Surgery for Hepatocellular Carcinoma

Does It Improve Survival?

Published in: Annals of Surgical Oncology, v. 11, no. 3, Mar. 2004, p. 298-303

Posted on RAND.org on December 31, 2003

by Jerome H. Liu, Pauline W. Chen, Steven M. Asch, Ronald W. Busuttil, Clifford Y. Ko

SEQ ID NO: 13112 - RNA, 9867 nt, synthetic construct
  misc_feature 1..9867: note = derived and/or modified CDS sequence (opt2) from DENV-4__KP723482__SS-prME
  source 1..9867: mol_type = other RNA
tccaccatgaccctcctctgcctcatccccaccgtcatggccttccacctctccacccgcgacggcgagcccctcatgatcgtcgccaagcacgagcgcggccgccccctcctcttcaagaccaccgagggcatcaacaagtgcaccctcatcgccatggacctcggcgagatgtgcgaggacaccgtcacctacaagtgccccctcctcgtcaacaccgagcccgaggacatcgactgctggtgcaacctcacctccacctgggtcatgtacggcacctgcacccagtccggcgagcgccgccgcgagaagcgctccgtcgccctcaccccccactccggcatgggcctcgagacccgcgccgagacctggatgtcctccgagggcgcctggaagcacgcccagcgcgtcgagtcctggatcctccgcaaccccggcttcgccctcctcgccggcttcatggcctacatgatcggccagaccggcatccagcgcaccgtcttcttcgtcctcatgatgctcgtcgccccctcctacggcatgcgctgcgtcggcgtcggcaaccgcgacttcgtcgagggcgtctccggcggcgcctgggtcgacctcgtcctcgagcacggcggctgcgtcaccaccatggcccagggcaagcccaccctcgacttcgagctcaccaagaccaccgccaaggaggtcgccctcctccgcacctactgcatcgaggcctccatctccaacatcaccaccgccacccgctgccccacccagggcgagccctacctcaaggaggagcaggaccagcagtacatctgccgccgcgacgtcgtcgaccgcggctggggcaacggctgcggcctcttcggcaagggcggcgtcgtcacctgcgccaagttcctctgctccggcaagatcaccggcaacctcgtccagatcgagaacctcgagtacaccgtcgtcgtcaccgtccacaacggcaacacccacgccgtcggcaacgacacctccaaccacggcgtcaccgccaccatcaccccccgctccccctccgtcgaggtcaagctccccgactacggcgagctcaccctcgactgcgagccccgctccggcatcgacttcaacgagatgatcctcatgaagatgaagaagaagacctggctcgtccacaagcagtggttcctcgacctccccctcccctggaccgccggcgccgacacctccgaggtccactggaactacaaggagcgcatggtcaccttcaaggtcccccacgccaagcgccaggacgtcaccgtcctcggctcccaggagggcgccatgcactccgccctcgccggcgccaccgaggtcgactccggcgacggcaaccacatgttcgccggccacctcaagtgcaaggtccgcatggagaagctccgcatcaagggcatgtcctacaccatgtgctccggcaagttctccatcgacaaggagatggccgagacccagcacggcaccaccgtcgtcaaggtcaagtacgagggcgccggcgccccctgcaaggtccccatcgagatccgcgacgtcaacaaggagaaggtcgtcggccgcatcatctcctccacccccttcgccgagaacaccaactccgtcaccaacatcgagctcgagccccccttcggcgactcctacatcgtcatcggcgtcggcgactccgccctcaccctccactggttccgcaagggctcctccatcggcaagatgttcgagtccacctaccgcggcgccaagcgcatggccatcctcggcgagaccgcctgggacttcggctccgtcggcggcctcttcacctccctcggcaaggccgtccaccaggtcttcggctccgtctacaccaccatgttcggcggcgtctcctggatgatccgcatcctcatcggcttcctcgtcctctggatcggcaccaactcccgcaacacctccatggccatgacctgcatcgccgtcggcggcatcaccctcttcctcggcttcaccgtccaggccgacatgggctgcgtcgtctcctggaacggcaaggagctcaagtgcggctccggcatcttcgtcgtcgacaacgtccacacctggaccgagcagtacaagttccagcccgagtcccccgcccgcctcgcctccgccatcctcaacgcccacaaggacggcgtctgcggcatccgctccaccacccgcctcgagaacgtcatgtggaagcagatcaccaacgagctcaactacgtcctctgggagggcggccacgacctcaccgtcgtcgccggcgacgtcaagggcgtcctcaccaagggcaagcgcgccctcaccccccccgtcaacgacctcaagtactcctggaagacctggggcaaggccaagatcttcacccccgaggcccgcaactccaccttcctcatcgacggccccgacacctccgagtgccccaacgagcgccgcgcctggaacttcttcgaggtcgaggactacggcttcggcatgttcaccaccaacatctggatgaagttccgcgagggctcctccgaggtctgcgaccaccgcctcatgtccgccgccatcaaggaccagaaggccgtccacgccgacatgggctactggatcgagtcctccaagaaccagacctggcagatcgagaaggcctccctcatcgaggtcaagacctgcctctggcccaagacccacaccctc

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BACKGROUND: The incidence and mortality of hepatocellular carcinoma (HCC) are increasing in the United States. Whether surgery is associated with improved survival at the population level is relatively unknown. To address this question, the authors used a population-based cancer registry to compare survival outcomes between patients receiving and not receiving surgery with similar tumor sizes and health status. METHODS: By using the Surveillance, Epidemiology, and End Results database, the authors identified HCC patients who had surgically resectable disease as defined by published expert guidelines. After excluding patients with contraindications to surgery, the authors performed both survival analysis and Cox regression to identify predictors of improved survival. RESULTS: Of the 4008 patients diagnosed with HCC between 1988 and 1998, 417 were candidates for surgical resection. The mean age was 63.6 years; mean tumor size was 3.3 cm. The 5-year overall survival with surgery was 33% with a mean of 47.1 months; without surgery, the 5-year overall survival was 7% with a mean of 17.9 months (P <.001). In the multivariate Cox regression, surgery was significantly associated with improved survival (P <.001). Specifically, patients who received surgery had a 55% decreased rate of death compared with patients who did not have surgery, even after controlling for tumor size, age, sex, and race. CONCLUSIONS: This study shows that surgical therapy is associated with improved survival in patients with unifocal, nonmetastatic HCC tumors <5 cm. If this is confirmed in future studies, efforts should be made to ensure that appropriate patients with resectable HCC receive high-quality care, as well as the opportunity for potentially curative surgery.

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